Prince Frederick Parish, South Carolina

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*Prince Frederick Parish and Prince George Parish. ''The Register Book for the Parish Prince Frederick Winyaw, Ann: Dom: 1713''. Baltimore: Williams & Wilkins, 1916. {{FHL|204676|item|disp=FHL Film 547227 Item 7}}; digital version at [http://www.archive.org/details/registerbookforp01prin Internet Archive].
 
*Prince Frederick Parish and Prince George Parish. ''The Register Book for the Parish Prince Frederick Winyaw, Ann: Dom: 1713''. Baltimore: Williams & Wilkins, 1916. {{FHL|204676|item|disp=FHL Film 547227 Item 7}}; digital version at [http://www.archive.org/details/registerbookforp01prin Internet Archive].
  
=== Taxation ===
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=== Taxation ===
  
A partial 1756 tax return for Prince Frederick Parish survives. It is kept in the Maps and Muniments section of the South Carolina Historical Society, and, according to Morgan,&nbsp;describes "69 taxpayers, 702 slaves, and 44,129 acres of land."<ref>Philip D. Morgan, "A Profile of a Mid-Eighteenth Century South Carolina Parish: The Tax Return of Saint James', Goose Creek," ''The South Carolina Historical Magazine,'' Vol. 81, No. 1 (Jan. 1980):52-53. Digital version at [http://www.jstor.org/stable/27567601 JSTOR] ($).</ref>
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A partial 1756 tax return for Prince Frederick Parish survives. It is kept in the Maps and Muniments section of the South Carolina Historical Society, and, according to Morgan,&nbsp;describes "69 taxpayers, 702 slaves, and 44,129 acres of land."<ref>Philip D. Morgan, "A Profile of a Mid-Eighteenth Century South Carolina Parish: The Tax Return of Saint James', Goose Creek," ''The South Carolina Historical Magazine,'' Vol. 81, No. 1 (Jan. 1980):52-53. Digital version at [http://www.jstor.org/stable/27567601 JSTOR] ($).</ref>  
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A 1786 tax return survives and has been published:
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*"1786 Tax Returns," ''The South Carolina Magazine of Ancestral Research'', Vol. 11, No. 1 (Winter 1983):33-39. {{FHL|43856|item|disp=FHL Book 975.7 B2sc v. 11}}
  
 
== Websites  ==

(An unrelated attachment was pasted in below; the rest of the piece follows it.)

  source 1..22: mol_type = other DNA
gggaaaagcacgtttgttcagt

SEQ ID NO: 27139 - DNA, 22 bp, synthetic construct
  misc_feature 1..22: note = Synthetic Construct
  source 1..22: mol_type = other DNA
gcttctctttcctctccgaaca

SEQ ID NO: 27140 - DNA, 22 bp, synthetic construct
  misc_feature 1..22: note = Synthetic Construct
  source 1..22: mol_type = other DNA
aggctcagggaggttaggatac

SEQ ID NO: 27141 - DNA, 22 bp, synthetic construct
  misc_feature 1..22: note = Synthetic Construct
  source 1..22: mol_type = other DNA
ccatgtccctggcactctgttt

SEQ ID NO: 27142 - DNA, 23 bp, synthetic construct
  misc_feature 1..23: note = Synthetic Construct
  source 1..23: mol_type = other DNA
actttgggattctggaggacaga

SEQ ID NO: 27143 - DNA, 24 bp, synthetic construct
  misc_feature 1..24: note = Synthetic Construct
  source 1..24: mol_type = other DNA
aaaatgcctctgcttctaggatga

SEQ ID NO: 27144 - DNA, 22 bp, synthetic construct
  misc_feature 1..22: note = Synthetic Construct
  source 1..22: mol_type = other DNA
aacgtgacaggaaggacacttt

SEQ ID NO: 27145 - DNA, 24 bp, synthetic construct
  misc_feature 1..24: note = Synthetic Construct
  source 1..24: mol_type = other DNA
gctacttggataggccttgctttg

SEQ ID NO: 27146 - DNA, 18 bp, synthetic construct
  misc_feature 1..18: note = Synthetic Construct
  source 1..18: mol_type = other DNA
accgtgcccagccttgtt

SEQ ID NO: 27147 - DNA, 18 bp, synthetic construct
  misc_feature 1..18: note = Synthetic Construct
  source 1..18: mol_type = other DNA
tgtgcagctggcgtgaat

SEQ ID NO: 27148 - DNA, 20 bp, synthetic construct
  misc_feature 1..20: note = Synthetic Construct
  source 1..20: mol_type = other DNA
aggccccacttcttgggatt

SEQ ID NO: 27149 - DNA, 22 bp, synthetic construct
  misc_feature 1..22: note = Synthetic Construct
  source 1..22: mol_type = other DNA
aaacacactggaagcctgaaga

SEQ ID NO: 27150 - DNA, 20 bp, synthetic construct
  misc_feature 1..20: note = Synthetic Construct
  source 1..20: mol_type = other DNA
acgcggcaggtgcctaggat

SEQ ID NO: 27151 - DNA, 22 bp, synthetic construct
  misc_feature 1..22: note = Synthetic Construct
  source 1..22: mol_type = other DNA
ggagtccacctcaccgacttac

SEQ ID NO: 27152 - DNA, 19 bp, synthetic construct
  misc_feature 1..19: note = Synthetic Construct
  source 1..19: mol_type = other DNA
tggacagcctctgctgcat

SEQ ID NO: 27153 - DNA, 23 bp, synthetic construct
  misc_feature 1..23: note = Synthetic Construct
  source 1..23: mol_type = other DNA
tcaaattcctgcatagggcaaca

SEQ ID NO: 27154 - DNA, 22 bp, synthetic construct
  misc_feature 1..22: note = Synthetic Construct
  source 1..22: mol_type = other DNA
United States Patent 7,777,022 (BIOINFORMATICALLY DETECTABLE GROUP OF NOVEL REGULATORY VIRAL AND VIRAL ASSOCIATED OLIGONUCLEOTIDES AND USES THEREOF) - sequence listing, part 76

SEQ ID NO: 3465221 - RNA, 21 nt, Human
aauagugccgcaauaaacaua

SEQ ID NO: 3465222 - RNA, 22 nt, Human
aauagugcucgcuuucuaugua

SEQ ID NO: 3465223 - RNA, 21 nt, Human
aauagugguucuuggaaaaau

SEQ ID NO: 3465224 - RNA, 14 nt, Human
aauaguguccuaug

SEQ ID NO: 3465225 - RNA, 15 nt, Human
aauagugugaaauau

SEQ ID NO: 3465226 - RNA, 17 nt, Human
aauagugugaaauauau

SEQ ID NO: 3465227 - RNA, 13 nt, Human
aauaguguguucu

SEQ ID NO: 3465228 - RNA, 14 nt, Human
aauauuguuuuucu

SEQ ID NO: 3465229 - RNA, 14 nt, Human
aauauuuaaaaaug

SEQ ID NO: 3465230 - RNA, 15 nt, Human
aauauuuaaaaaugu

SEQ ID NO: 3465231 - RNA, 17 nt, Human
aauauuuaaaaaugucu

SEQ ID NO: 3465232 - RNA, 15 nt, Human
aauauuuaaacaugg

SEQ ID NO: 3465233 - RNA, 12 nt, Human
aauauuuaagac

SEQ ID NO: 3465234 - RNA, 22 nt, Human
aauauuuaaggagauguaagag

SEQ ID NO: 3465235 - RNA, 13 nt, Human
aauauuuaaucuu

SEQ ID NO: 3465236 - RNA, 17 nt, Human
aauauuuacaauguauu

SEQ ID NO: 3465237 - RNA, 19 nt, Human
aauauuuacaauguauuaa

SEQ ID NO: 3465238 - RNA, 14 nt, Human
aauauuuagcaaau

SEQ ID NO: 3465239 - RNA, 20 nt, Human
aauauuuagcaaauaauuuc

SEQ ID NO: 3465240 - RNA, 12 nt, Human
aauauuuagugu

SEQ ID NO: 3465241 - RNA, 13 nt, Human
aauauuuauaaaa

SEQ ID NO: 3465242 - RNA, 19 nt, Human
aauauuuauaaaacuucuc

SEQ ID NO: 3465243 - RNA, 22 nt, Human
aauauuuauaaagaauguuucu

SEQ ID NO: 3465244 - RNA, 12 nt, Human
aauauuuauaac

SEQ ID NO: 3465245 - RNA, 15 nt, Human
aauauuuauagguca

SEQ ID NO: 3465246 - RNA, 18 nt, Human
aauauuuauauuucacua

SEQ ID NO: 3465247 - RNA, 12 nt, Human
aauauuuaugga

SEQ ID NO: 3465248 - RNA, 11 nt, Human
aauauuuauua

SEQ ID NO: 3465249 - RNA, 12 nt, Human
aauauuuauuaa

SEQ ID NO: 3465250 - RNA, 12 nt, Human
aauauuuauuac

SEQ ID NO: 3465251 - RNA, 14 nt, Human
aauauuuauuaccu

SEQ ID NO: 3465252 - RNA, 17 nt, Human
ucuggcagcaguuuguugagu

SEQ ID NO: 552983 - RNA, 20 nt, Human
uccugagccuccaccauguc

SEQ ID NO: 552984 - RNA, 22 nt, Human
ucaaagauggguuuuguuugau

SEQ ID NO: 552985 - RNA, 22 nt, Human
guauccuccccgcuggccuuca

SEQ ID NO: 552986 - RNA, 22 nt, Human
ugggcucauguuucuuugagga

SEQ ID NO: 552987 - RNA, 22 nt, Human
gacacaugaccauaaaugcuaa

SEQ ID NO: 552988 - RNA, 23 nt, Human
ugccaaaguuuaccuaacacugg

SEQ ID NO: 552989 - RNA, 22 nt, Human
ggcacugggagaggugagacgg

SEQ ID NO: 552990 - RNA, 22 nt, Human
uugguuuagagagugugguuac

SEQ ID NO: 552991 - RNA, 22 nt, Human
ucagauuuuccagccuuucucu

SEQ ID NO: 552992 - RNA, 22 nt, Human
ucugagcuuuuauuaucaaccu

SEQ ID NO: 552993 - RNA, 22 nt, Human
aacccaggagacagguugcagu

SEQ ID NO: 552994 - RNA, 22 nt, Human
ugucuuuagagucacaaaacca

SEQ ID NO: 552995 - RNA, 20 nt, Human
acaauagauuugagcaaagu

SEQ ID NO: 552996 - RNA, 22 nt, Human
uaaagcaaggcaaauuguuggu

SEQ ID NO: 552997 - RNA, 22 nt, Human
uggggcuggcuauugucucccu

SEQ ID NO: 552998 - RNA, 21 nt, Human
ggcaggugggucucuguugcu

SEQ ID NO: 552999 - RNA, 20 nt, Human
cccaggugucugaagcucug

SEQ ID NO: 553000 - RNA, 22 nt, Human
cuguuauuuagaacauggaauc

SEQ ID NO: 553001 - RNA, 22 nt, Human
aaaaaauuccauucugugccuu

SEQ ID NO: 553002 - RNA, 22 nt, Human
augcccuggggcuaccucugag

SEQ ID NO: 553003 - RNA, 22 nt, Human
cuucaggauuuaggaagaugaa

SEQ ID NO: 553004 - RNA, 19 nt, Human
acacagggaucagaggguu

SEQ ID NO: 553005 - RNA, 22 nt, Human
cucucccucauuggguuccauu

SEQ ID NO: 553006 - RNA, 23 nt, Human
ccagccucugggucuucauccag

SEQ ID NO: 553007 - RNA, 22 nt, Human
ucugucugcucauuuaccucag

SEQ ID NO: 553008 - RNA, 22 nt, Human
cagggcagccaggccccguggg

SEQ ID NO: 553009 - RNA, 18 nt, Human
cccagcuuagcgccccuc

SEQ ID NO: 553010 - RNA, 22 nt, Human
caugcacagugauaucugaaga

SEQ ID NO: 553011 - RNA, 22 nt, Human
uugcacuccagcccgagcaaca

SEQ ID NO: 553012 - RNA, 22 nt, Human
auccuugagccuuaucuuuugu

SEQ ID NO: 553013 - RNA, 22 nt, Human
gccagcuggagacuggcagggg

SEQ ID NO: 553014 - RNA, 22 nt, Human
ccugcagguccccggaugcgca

== Websites  ==

Revision as of 17:46, 9 March 2011

United States  Gotoarrow.png  South Carolina  Gotoarrow.png  Prince Frederick Parish

Contents

History

Prince Frederick's once took up a large area of South Carolina, but by 1790 this parish (as well as Prince George's to the east) took up all or parts of six present-day South Carolina counties: Williamsburg, Florence, Marion, Dillon, Horry and Georgetown.[1]

In addition to religious roles, South Carolina's "Anglican parishes were used as election districts and had responsibility for road development, care of the poor, and education."[2]

Founded

  • 1734

Boundary

Resources

Cemetery

Parish History

For a history of the parish, see Chapter 10, Prince Frederick's Parish, pages 319-321, in:

  • Dalcho, Frederick. An Historical Account of the Protestant Episcopal Church in South Carolina from the First Settlement of the Province, to the War of the Revolution; with Notices of the Present State of the Church in Each Parish and Some Account of the Early Civil History of Carolina, Never Before Published. Charleston: E. Thayer, 1820. FHL Film 22657; digital versions at Google Books; Internet Archive.

Parish Records

The original parish registers are kept at [blank], South Carolina. Abstracts of baptisms from 1713 to 1794 and marriages from 1726 to 1752 have been published:

  • Prince Frederick Parish and Prince George Parish. The Register Book for the Parish Prince Frederick Winyaw, Ann: Dom: 1713. Baltimore: Williams & Wilkins, 1916. FHL Film 547227 Item 7; digital version at Internet Archive.

Taxation

A partial 1756 tax return for Prince Frederick Parish survives. It is kept in the Maps and Muniments section of the South Carolina Historical Society, and, according to Morgan, describes "69 taxpayers, 702 slaves, and 44,129 acres of land."[3]

A 1786 tax return survives and has been published:

  • "1786 Tax Returns," The South Carolina Magazine of Ancestral Research, Vol. 11, No. 1 (Winter 1983):33-39. FHL Book 975.7 B2sc v. 11

Websites

References

  1. Albert Sidney Thomas, A Historical Account of the Protestant Episcopal Church in South Carolina, 1820- 1957 (1957); William Thorndale and William Dollarhide, Map Guide to the U.S. Federal Censuses, 1790-1920. (Baltimore: Geneal. Pub., c1987).
  2. "The Formation of Counties in South Carolina," at the South Carolina Department of Archives and History website, accessed 21 January 2011.
  3. Philip D. Morgan, "A Profile of a Mid-Eighteenth Century South Carolina Parish: The Tax Return of Saint James', Goose Creek," The South Carolina Historical Magazine, Vol. 81, No. 1 (Jan. 1980):52-53. Digital version at JSTOR ($).